Hodych, Joseph P. and Buchan, Kenneth L. (1998) Palaeomagnetism of the ca. 440 Ma Cape St Mary's sills of the Avalon Peninsula of Newfoundland: implications for Iapetus Ocean closure. Geophysical Journal International, 135 (1). pp. 155-164. ISSN 0956-540X
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We report on the palaeomagnetism of the gabbroic Cape St Mary’s sills of the Avalon Peninsula of Newfoundland, which have previously yielded a 441±2 Ma U–Pb baddeleyite age (latest Ordovician or earliest Silurian). At 12 of 19 sites, stepwise alternating-field or thermal demagnetization isolated a stable characteristic remanence carried by magnetite. This remanence is shown to pre-date Early Devonian folding of the sills. Although a baked-contact test was inconclusive, the positive fold test and the low grade of metamorphism of the sills (prehnite–pumpellyite facies) make it likely that the characteristic remanence is primary. The tilt-corrected site-mean characteristic remanence has a declination of 343° and an inclination of −51° (k=25, a95=9°), yielding a ~440 Ma palaeopole at 10°N, 140°E (dm=12°, dp=8°) for West (North American) Avalonia. The corresponding ~440 Ma palaeolatitude for the Avalon Peninsula is 32°S±8°. The only other West Avalonian palaeolatitude determination from rocks that could be of similar age is from the Dunn Point volcanics of Nova Scotia; their more southerly palaeolatitude of 41°S±5° suggests that they are significantly older than 440 Ma, a possibility that we recommend testing with U–Pb dating. Although no ~440 Ma palaeolatitude determinations are available for East Avalonia (parts of southern Britain and Ireland), interpolating between mid-Ordovician and mid-Silurian determinations gives an estimate of ~25°S. This is consistent with our Cape St Mary’s result and, if the Iapetus Ocean closed orthogonally, with a narrow (~1000 km) Iapetus Ocean of approximately east–west orientation between Avalonia and Laurentia by 440 Ma.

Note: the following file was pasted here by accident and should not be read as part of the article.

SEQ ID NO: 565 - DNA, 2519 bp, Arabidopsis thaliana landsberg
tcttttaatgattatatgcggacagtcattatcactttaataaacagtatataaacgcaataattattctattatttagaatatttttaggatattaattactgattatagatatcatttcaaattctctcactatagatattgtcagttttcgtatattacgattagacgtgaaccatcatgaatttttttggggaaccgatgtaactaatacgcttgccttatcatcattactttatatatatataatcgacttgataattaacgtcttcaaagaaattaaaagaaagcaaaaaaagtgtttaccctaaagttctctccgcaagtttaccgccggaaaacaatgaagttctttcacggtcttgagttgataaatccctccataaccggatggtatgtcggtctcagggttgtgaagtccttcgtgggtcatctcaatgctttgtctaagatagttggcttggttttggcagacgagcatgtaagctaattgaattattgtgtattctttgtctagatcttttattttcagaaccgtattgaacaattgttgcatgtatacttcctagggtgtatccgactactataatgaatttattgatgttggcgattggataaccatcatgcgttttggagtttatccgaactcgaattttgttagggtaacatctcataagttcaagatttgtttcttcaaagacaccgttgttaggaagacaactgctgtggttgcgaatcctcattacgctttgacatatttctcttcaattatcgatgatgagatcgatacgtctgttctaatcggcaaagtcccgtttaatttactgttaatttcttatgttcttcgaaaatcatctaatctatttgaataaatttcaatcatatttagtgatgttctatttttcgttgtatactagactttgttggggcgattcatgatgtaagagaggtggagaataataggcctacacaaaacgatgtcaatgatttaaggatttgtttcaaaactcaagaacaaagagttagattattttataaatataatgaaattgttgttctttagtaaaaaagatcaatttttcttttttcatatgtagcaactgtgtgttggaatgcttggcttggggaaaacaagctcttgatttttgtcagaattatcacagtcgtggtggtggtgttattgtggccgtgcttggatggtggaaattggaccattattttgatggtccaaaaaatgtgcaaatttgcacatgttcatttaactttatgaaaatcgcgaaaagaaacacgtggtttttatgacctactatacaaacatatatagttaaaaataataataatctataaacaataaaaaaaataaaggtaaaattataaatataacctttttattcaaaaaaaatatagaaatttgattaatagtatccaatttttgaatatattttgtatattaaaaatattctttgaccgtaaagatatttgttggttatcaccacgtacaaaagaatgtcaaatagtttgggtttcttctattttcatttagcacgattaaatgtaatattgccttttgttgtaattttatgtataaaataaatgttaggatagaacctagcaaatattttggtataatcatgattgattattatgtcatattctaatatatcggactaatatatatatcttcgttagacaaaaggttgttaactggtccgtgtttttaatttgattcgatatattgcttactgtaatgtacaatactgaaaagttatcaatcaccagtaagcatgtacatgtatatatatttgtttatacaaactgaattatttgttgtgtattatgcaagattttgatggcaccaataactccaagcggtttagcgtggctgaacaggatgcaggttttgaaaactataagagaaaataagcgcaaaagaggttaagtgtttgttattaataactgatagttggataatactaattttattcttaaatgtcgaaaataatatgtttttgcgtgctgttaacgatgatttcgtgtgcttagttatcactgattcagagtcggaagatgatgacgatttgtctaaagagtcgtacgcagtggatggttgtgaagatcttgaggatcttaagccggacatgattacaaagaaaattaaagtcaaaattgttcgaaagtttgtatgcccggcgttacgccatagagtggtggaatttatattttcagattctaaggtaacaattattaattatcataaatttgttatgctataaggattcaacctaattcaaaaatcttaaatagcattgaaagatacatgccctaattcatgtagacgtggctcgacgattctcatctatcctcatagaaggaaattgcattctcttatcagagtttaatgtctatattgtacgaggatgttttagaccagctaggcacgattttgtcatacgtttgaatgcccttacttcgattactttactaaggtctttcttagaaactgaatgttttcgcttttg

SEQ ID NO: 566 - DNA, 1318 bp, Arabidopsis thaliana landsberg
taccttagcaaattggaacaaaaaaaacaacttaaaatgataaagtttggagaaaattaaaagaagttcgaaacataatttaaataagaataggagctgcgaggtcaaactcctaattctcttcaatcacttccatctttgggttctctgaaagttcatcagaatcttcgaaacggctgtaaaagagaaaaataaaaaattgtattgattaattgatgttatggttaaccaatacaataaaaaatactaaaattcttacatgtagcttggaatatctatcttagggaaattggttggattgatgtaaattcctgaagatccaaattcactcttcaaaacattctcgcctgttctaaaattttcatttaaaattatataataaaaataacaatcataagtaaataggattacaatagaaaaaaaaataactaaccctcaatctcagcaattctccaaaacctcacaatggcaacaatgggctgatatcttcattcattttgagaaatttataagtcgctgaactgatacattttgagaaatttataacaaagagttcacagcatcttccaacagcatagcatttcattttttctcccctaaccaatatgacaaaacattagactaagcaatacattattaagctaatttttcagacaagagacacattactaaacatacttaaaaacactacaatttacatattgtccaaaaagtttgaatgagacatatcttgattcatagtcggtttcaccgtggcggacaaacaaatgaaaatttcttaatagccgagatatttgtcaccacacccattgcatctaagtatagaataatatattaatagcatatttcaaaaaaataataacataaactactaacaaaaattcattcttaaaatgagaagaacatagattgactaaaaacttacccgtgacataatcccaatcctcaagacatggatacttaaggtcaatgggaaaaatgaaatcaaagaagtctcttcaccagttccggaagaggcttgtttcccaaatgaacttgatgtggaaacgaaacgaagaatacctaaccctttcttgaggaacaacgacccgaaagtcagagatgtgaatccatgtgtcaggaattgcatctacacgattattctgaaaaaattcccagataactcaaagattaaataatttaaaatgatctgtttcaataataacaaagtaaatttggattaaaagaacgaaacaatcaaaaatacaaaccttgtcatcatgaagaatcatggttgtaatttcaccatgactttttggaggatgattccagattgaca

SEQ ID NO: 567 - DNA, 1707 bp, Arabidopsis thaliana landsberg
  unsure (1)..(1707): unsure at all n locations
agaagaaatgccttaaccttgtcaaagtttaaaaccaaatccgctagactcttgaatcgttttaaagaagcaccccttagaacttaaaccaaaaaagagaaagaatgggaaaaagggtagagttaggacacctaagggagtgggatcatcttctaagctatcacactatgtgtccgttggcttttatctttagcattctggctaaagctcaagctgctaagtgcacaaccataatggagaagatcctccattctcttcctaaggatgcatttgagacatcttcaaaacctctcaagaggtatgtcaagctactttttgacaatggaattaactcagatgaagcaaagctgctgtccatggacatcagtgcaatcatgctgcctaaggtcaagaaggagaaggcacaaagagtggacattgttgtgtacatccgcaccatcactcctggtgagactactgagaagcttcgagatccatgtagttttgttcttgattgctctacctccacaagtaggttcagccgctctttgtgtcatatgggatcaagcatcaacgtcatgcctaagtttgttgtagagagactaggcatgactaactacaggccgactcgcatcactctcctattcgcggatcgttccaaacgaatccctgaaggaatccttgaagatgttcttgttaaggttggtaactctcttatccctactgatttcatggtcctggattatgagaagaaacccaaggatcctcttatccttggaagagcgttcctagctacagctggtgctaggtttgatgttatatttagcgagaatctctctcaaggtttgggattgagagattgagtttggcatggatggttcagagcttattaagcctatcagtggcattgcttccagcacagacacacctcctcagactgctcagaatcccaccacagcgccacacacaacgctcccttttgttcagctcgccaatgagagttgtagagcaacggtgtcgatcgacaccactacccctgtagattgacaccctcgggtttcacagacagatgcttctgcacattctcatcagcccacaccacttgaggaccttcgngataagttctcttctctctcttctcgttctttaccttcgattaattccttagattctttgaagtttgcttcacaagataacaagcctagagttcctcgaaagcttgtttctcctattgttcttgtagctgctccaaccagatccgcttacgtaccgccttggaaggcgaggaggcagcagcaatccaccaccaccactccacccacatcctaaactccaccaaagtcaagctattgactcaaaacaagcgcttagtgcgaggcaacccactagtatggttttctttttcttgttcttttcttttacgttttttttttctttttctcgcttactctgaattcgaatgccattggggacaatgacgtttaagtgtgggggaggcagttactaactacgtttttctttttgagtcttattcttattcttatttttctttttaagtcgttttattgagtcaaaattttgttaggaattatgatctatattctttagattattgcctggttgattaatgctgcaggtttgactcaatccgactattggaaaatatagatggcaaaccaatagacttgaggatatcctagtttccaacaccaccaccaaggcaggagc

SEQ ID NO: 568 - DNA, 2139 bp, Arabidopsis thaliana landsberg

|Keywords:||Ordovician, palaeogeography, palaeolatitude, palaeomagnetism, Silurian|
|Department(s):||Science, Faculty of > Earth Sciences|
|Geographic Location:||Cape St. Mary, Newfoundland|
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